We should also keep in mind the HIPAA Privacy Rule’s Individual Choice Principle, which states that “Individuals should be provided a reasonable opportunity and capability to make informed decisions about the collection, use, and disclosure of their individually identifiable health information.” To this end, in the VT Digger story, Kristina Choquette, vice president of operations for VITL, recently told state regulators that doctors describe the current opt-in patient consent policy as “HIPAA on steroids.”
For me, a lot of this comes down to patient education. If consumers are informed and educated up front about the policy of the HIE, and where their data might be going, choices will become easier and trust will be gained. According to a 2014 Medical Economics article on patient consent, the Massachusetts eHealth Collaborative (MAeHC) built HIEs in three communities and incorporated an opt-in policy. Front-desk staff in doctors’ offices gave patients brochures about the HIEs and asked them to sign consent forms. More than 90 percent of patients consented, the article stated.
I recently spoke with Christina Galanis, president and CEO of HealthlinkNY, which operates the HIE in the southern tier of New York and the Hudson Valley, who feels that patients need to have the right to choose where their data goes. Galanis said that even if the patient chooses “deny,” that’s something the organization has to comply with. “I have been doing this for nearly 12 years, and I know that you have to go to the patient first, and the patient has to be educated,” she told me. For HealthlinkNY, an opt-in HIE, patients don’t have to say “yes” to the whole HIE, but they can choose which provider organization their data goes to, she added.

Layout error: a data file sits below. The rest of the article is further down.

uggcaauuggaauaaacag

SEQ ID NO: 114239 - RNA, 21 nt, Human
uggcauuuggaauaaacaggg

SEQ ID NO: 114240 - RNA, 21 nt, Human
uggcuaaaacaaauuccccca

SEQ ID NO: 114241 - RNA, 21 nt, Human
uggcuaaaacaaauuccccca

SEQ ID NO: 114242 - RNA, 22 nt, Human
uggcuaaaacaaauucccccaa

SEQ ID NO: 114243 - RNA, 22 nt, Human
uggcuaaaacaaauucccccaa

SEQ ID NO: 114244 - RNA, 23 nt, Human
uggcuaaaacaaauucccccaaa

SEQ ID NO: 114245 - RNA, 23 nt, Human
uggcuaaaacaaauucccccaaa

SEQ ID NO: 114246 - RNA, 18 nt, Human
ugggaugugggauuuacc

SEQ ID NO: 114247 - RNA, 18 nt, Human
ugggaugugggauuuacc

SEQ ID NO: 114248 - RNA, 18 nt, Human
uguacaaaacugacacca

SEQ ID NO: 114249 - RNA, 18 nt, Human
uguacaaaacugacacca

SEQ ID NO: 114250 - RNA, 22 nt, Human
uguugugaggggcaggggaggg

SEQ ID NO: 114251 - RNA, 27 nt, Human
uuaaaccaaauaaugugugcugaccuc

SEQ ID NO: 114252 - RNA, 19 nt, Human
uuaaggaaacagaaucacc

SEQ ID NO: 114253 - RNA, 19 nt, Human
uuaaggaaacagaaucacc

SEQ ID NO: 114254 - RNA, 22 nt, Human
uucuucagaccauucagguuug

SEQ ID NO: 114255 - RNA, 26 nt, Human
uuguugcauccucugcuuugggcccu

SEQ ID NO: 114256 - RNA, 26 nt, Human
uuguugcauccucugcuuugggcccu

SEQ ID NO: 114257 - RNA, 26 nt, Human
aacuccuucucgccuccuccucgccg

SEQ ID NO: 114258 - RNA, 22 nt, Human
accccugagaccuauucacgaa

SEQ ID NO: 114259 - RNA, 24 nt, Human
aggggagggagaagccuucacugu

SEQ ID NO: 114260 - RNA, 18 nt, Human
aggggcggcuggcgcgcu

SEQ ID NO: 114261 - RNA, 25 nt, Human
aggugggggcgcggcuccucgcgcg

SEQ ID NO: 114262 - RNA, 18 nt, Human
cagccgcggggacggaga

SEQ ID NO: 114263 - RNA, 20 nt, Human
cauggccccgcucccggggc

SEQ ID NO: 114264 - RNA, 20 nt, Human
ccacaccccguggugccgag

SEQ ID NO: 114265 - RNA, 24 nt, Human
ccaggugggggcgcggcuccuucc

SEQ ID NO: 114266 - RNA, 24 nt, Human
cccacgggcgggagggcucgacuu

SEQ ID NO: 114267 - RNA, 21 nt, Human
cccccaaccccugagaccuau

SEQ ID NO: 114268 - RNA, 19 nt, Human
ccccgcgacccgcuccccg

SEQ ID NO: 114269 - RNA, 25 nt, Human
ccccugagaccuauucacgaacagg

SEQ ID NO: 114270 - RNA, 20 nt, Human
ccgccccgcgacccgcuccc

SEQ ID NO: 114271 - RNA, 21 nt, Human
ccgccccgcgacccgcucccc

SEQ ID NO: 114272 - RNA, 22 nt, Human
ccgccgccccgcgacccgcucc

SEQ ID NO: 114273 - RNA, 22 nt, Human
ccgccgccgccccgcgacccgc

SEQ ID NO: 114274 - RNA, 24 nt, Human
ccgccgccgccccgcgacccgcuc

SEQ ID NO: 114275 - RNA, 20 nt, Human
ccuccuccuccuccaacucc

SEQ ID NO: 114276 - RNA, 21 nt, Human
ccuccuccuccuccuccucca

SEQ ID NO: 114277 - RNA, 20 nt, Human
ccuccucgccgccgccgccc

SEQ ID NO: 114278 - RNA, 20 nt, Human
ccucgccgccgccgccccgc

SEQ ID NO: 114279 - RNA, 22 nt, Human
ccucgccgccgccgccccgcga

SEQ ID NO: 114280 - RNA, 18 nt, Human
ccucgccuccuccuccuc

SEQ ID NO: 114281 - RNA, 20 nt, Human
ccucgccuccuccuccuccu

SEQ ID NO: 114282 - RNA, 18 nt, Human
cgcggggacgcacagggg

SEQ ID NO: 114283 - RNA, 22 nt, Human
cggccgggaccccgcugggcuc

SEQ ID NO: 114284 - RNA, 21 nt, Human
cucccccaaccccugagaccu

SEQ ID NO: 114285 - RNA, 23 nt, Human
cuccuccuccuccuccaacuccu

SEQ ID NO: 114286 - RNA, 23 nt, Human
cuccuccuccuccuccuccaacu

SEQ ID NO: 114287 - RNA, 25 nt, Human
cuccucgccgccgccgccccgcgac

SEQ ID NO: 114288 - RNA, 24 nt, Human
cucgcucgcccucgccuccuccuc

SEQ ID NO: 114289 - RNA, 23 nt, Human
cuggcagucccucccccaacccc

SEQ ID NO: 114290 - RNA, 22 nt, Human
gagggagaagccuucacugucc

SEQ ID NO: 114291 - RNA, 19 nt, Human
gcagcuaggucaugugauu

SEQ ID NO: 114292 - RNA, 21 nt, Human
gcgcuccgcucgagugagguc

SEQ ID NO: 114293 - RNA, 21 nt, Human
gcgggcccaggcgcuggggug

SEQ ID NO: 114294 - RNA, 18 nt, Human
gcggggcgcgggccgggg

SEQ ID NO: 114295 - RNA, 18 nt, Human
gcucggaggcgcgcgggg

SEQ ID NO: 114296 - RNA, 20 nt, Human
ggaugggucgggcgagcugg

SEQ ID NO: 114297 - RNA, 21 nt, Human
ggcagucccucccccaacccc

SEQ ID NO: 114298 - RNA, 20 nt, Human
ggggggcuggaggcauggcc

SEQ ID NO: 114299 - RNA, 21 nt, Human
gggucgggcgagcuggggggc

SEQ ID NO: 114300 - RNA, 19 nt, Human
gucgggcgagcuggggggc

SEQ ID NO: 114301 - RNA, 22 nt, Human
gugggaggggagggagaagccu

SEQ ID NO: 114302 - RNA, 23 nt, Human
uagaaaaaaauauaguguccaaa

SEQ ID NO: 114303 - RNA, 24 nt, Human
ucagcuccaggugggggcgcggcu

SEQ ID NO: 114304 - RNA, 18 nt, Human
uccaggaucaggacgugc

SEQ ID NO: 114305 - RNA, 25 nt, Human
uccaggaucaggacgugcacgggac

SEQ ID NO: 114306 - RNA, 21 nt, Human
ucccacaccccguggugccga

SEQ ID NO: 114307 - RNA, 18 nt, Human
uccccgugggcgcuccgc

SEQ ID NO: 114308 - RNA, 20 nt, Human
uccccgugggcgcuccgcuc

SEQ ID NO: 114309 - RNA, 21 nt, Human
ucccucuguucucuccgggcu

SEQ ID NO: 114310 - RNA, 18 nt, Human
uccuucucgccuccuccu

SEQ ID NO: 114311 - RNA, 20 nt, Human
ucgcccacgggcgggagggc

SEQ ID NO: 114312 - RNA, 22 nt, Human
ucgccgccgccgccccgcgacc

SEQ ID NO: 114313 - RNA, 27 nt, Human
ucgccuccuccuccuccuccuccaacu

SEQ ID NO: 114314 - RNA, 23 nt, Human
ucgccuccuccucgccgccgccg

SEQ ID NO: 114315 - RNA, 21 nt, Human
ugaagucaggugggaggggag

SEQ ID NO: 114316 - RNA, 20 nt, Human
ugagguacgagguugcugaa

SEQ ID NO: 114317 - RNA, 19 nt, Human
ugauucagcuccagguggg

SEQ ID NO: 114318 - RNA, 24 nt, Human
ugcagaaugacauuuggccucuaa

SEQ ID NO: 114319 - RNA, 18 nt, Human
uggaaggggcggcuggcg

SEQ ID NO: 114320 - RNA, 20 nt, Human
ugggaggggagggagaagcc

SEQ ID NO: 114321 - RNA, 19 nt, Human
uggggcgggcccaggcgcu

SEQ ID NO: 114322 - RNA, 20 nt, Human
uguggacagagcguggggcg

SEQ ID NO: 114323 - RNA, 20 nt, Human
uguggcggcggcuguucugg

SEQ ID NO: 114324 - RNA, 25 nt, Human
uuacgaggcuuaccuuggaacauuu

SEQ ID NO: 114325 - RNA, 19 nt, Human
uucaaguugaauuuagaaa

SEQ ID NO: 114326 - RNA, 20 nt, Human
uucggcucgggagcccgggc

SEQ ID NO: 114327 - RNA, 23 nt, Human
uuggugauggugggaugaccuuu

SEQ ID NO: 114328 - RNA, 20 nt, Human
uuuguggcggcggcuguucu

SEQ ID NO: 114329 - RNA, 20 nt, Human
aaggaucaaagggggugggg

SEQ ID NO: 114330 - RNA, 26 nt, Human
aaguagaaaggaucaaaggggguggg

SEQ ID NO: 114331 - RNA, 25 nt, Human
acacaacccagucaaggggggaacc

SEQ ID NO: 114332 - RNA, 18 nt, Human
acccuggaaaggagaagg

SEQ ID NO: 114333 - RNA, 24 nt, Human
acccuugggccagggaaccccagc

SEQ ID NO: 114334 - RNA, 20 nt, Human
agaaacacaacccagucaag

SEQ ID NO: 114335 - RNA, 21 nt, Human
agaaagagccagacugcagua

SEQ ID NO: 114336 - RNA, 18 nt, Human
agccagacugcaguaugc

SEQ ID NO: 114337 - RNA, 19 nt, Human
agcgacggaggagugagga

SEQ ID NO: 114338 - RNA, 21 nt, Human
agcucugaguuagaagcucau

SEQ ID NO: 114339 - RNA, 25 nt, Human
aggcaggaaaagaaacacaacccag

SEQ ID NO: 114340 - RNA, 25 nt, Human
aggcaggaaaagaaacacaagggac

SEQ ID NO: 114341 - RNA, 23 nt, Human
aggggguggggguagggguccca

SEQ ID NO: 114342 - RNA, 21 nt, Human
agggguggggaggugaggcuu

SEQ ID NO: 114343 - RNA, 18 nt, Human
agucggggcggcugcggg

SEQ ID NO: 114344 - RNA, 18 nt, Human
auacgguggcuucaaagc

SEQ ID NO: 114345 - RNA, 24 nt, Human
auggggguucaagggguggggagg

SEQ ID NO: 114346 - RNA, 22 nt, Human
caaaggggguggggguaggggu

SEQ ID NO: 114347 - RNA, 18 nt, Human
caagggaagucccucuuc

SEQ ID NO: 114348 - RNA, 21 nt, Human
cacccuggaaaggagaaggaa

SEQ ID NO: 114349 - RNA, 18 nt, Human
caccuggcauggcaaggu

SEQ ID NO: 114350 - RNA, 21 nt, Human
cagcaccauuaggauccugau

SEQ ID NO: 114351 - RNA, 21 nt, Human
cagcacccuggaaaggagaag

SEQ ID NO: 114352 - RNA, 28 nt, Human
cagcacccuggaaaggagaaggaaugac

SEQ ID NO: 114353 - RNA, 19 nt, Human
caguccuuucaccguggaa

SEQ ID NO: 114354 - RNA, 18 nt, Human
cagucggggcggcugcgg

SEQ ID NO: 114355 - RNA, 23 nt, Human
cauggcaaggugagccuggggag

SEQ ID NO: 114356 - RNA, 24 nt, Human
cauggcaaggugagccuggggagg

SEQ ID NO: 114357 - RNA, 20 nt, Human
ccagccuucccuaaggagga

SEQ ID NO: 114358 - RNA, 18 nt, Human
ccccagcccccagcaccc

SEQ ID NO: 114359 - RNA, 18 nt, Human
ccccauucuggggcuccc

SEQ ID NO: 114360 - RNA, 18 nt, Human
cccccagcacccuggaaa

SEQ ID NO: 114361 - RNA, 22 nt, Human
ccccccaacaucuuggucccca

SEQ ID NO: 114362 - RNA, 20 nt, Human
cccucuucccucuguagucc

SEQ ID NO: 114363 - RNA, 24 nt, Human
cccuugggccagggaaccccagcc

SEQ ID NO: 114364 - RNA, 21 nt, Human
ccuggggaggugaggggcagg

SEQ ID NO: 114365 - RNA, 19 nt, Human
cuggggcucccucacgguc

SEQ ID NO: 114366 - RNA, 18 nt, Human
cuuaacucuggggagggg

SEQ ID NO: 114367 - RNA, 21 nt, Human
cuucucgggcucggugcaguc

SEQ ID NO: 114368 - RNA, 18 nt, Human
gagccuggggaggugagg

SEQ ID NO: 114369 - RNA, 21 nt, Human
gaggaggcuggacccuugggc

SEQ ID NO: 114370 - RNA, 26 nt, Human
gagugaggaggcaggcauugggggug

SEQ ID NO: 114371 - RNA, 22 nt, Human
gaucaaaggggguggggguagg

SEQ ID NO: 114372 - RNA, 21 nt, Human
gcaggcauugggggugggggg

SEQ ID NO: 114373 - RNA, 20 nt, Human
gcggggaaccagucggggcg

According to the ONC’s website, the U.S. Department of Health and Human Services (HHS) does not set out specific steps or requirements for obtaining a patient’s choice whether to participate in an HIE. The agency also doesn’t take a stance on opt-in versus opt-out. However, it says that adequately informing patients of these new models for exchange and giving them the choice whether to participate is one means of ensuring that patients trust these systems. Providers are therefore encouraged to enable patients to make a “meaningful” consent choice rather than an uninformed one, ONC states.
Clearly, the waters are pretty muddied when it comes to patient consent and HIEs. There are arguments on both sides of the table, but I have to imagine that most logical people would agree on two core points: 1) patients should not be surprised by where their records go and 2) to accomplish the fundamental goal of health information exchange, providers will need to see the information they need to provide the highest quality of care.
And with that, a level of trust between providers and patients must be established. Betty Rambur, a nurse practitioner and member of the Green Mountain Care Board, overseer of VITL, said it perfectly in the VT Digger story: “It is really this complicated balance between providers having the data they need and the people having the privacy that they deserve.” So while patient consent issues might not be totally ironed out in the immediate future, it’s good to know that multiple states are considering the effects of both policies, and most importantly, how they each affect the patient.